GIULIANI: When he called me up to endorse him, he got me on the phone, he said, ďWill you endorse me?Ē, and I was too afraid to say no. I would say yes.

TANCREDO: Intimidating as he might be, Iím saying no.

Click for Mike Huckabee on other issues.   Source: 2007 GOP primary debate, at Reagan library, hosted by MSNBC

Mitt Romney on Immigration : May 3, 2007
Keep rule barring immigrants from running for president

Q: Should we change our Constitution to allow men like Mel Martinez, born in Cuba, and Arnold Schwarzenegger, born in Austria, to stand here some night as candidates for president?

ROMNEY: Never given that a lot of thought, but with Arnold sitting there, Iíll give it some thought, but probably not.

Gov. THOMPSON: No.

HUCKABEE: After Iíve served eight years as president, Iíd be happy to change the Constitution for Governor Schwarzenegger.

Click for Mike Huckabee on other issues.   Source: 2007 GOP primary debate, at Reagan library, hosted by MSNBC

Rudy Giuliani on Immigration : May 3, 2007
Change rule barring immigrants from running for president

Q: Should we change our Constitution to allow men like Mel Martinez, born in Cuba, and Arnold Schwarzenegger, born in Austria, to stand here some night as candidates for president?

PAUL: Iím a no, because I am a strong supporter of the original intent

GIULIANI: When he called me up to endorse him, he got me on the phone, he said, ďWill you endorse me?Ē, and I was too afraid to say no. I would say yes.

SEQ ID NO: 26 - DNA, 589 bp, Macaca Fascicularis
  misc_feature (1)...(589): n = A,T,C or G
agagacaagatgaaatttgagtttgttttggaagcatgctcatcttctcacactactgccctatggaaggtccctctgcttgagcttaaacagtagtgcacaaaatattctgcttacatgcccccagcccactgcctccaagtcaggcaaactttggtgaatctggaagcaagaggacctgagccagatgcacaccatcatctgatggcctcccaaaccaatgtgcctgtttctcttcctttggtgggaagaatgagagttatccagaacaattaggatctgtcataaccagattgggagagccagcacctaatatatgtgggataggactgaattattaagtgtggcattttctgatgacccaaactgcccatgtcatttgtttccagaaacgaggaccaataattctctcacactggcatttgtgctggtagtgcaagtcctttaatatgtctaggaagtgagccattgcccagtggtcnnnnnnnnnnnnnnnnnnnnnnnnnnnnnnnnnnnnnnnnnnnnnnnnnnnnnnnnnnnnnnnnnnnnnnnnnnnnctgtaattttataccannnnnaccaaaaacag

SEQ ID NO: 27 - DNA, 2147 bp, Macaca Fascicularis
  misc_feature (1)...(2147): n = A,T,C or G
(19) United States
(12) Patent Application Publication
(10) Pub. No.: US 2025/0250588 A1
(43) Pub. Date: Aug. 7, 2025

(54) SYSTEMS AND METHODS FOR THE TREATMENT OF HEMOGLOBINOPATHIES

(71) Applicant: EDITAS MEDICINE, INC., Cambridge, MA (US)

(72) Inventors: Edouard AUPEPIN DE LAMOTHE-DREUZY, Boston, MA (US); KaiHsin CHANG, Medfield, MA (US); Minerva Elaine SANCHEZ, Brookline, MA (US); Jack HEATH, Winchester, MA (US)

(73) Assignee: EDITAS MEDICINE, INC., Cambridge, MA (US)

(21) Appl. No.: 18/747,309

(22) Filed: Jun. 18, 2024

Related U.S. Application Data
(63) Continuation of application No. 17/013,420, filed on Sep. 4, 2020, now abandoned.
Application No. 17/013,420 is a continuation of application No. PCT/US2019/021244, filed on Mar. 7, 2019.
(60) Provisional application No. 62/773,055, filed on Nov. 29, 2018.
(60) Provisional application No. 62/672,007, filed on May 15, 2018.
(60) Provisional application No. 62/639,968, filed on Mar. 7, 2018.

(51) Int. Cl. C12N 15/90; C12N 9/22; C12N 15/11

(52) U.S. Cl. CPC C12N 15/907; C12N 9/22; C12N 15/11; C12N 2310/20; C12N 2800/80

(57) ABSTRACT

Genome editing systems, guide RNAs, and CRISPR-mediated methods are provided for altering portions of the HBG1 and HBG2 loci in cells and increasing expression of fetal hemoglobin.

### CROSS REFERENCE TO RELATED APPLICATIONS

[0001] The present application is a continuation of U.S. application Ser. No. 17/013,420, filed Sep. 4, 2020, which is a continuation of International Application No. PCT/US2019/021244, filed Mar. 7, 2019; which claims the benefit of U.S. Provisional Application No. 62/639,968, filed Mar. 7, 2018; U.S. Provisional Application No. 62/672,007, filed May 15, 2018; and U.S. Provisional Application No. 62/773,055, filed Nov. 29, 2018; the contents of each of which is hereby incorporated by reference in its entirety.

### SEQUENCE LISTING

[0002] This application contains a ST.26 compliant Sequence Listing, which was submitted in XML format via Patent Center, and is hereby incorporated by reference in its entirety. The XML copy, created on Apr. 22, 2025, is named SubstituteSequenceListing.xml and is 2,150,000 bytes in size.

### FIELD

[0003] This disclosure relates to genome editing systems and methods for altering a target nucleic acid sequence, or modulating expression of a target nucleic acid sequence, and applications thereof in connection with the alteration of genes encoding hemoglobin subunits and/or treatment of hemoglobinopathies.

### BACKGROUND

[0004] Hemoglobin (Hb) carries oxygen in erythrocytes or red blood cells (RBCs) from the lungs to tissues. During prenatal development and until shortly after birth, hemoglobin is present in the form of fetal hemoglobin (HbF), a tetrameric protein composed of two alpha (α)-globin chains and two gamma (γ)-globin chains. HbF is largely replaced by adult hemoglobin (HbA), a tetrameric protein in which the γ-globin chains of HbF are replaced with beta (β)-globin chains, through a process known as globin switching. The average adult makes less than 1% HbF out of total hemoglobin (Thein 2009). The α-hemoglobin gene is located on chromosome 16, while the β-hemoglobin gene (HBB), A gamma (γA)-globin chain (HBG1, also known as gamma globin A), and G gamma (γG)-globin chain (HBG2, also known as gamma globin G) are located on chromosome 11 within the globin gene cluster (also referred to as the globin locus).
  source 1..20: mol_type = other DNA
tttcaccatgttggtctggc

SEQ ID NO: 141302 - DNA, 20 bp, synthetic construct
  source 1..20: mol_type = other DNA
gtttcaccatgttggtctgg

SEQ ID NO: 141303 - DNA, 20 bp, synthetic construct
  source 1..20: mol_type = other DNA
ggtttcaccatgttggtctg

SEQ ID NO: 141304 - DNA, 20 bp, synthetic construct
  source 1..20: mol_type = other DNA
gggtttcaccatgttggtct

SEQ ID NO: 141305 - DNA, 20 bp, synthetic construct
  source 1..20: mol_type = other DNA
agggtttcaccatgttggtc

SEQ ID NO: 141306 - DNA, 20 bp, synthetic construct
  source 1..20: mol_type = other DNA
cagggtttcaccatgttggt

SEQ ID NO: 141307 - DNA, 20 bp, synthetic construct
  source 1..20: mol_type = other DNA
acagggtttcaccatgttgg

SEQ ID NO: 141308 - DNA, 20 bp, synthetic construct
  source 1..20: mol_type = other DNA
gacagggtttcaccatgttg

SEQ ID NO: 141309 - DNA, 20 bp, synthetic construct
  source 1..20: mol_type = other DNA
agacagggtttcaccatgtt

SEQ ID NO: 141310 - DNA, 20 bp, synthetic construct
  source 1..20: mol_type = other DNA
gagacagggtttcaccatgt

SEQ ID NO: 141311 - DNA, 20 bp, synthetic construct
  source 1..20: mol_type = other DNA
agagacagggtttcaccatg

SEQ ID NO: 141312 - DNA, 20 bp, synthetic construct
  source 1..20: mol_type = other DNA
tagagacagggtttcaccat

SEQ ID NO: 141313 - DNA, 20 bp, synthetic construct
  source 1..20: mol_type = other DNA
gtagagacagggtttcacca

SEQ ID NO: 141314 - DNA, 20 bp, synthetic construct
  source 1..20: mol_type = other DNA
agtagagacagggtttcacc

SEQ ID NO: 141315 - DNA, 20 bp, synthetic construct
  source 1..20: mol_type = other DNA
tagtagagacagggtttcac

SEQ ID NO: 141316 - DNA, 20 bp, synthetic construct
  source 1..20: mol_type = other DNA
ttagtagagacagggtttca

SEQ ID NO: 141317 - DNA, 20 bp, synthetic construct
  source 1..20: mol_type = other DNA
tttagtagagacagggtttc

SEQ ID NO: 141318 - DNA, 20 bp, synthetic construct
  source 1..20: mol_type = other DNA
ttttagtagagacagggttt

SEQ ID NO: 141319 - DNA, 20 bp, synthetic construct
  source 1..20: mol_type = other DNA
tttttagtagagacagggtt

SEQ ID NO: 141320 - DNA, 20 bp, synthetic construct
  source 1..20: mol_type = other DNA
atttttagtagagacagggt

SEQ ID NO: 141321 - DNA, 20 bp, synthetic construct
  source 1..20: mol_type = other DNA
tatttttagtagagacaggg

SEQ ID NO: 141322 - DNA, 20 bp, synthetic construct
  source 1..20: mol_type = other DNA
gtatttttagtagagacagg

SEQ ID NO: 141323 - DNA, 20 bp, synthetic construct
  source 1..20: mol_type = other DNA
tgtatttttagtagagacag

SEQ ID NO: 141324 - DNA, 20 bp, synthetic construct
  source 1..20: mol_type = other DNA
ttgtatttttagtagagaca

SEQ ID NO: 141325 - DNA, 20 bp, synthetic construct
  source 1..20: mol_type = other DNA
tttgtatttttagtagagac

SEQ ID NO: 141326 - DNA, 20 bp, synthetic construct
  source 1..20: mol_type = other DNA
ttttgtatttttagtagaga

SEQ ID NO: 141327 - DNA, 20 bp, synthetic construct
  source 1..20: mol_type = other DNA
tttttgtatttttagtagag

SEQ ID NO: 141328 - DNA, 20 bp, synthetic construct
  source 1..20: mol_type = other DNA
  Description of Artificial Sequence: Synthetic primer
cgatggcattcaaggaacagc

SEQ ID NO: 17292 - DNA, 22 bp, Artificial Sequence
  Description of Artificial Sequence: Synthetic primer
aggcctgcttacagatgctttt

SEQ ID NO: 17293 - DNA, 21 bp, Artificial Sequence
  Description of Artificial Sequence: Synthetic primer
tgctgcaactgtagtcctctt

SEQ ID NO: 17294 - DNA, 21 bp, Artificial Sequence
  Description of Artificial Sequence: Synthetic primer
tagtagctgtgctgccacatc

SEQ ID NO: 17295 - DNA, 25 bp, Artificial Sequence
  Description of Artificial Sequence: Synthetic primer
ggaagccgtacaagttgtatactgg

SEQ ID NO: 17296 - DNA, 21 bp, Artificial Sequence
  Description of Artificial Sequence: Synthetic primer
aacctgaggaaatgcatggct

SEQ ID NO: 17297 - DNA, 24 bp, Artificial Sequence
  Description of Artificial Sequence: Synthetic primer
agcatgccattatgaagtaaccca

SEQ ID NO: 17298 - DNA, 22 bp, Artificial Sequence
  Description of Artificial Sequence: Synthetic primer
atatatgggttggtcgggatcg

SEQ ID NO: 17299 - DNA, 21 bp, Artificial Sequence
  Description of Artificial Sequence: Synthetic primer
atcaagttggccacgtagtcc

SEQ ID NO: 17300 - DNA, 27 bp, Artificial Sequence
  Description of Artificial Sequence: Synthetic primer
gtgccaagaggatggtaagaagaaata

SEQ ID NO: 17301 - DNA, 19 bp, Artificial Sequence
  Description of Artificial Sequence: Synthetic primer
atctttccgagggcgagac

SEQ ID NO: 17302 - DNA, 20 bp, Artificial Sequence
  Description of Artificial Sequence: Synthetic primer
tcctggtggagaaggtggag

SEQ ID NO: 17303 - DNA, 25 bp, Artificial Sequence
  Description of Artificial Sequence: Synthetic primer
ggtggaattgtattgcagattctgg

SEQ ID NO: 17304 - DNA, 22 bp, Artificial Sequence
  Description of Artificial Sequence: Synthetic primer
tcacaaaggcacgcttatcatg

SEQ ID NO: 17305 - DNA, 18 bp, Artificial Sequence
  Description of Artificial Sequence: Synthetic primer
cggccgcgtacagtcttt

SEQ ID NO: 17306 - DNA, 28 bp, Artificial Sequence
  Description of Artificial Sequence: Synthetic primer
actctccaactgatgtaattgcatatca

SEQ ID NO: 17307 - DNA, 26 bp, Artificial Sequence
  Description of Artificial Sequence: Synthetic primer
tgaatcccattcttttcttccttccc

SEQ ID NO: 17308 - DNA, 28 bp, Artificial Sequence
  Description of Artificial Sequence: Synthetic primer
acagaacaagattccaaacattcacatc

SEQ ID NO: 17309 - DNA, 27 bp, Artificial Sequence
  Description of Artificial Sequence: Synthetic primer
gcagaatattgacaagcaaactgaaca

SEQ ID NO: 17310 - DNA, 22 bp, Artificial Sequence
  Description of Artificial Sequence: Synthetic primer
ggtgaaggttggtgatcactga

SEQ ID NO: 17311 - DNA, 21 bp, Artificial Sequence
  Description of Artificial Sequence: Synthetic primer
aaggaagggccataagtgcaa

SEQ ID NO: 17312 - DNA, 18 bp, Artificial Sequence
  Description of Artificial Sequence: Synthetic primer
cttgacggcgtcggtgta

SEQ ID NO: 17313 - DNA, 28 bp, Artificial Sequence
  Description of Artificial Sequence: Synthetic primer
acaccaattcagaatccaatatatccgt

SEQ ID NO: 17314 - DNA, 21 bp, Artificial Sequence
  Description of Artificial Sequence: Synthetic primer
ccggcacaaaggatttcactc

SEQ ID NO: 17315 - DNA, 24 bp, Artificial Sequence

TANCREDO: Intimidating as he might be, Iím saying no.

Click for Mike Huckabee on other issues.   Source: 2007 GOP primary debate, at Reagan library, hosted by MSNBC

Hillary Clinton on Abortion : Oct 11, 2005
Voted liberal line on partial birth & harm to fetus

Click for Mike Huckabee on other issues.   Source: Condi vs. Hillary, by Dick Morris, p. 85-86

Hillary Clinton on Foreign Policy : Oct 20, 2000
Keep Cuban embargo; pay UN bills

Hillary Clinton said she would oppose lifting the embargo against Cuba until democracy took root there. She said she would support paying Americaís unpaid bills to the United Nations. She once again voiced her support for Israel and, while praising the tentative cease-fire agreement between the Israelis and Palestinians reached Monday, she made it clear the burden was on Yasir Arafat to end the violence.
Click for Mike Huckabee on other issues.   Source: Dean Murphy, NY Times

Hillary Clinton on Families & Children : Apr 2, 2000
Decide Elianís fate via ongoing INS legal process

Hillary Clinton today opposed congressional action to make Elian Gonzalez a US resident, putting herself at odds with Vice President Gore. ďHillary knows that we must take politics out of this decision,Ē said her campaign spokesman, echoing President Clintonís position. ďElianís future should be determined as quickly as possible through the appropriate, ongoing legal process.Ē The Immigration and Naturalization Service has ruled that Elian belongs with his Cuban father.
Click for Mike Huckabee on other issues.   Source: Associated Press in Washington Post, p. A3

Rudy Giuliani on Families & Children : Apr 2, 2000
Give Elian citizenship; decide fate in family court

Rudy Giuliani maintains that Elian Gonzalez should be granted US citizenship and that any custody issues should be handled in family court.
Elian was rescued in November after the boat he was on sank. His mother drowned in the attempt to flee Cuba. Elian has been living with Miami relatives who have refused to allow him to leave, although the INS has ruled that Elian belongs with his Cuban father.
Click for Mike Huckabee on other issues.   Source: Associated Press in Washington Post, p. A3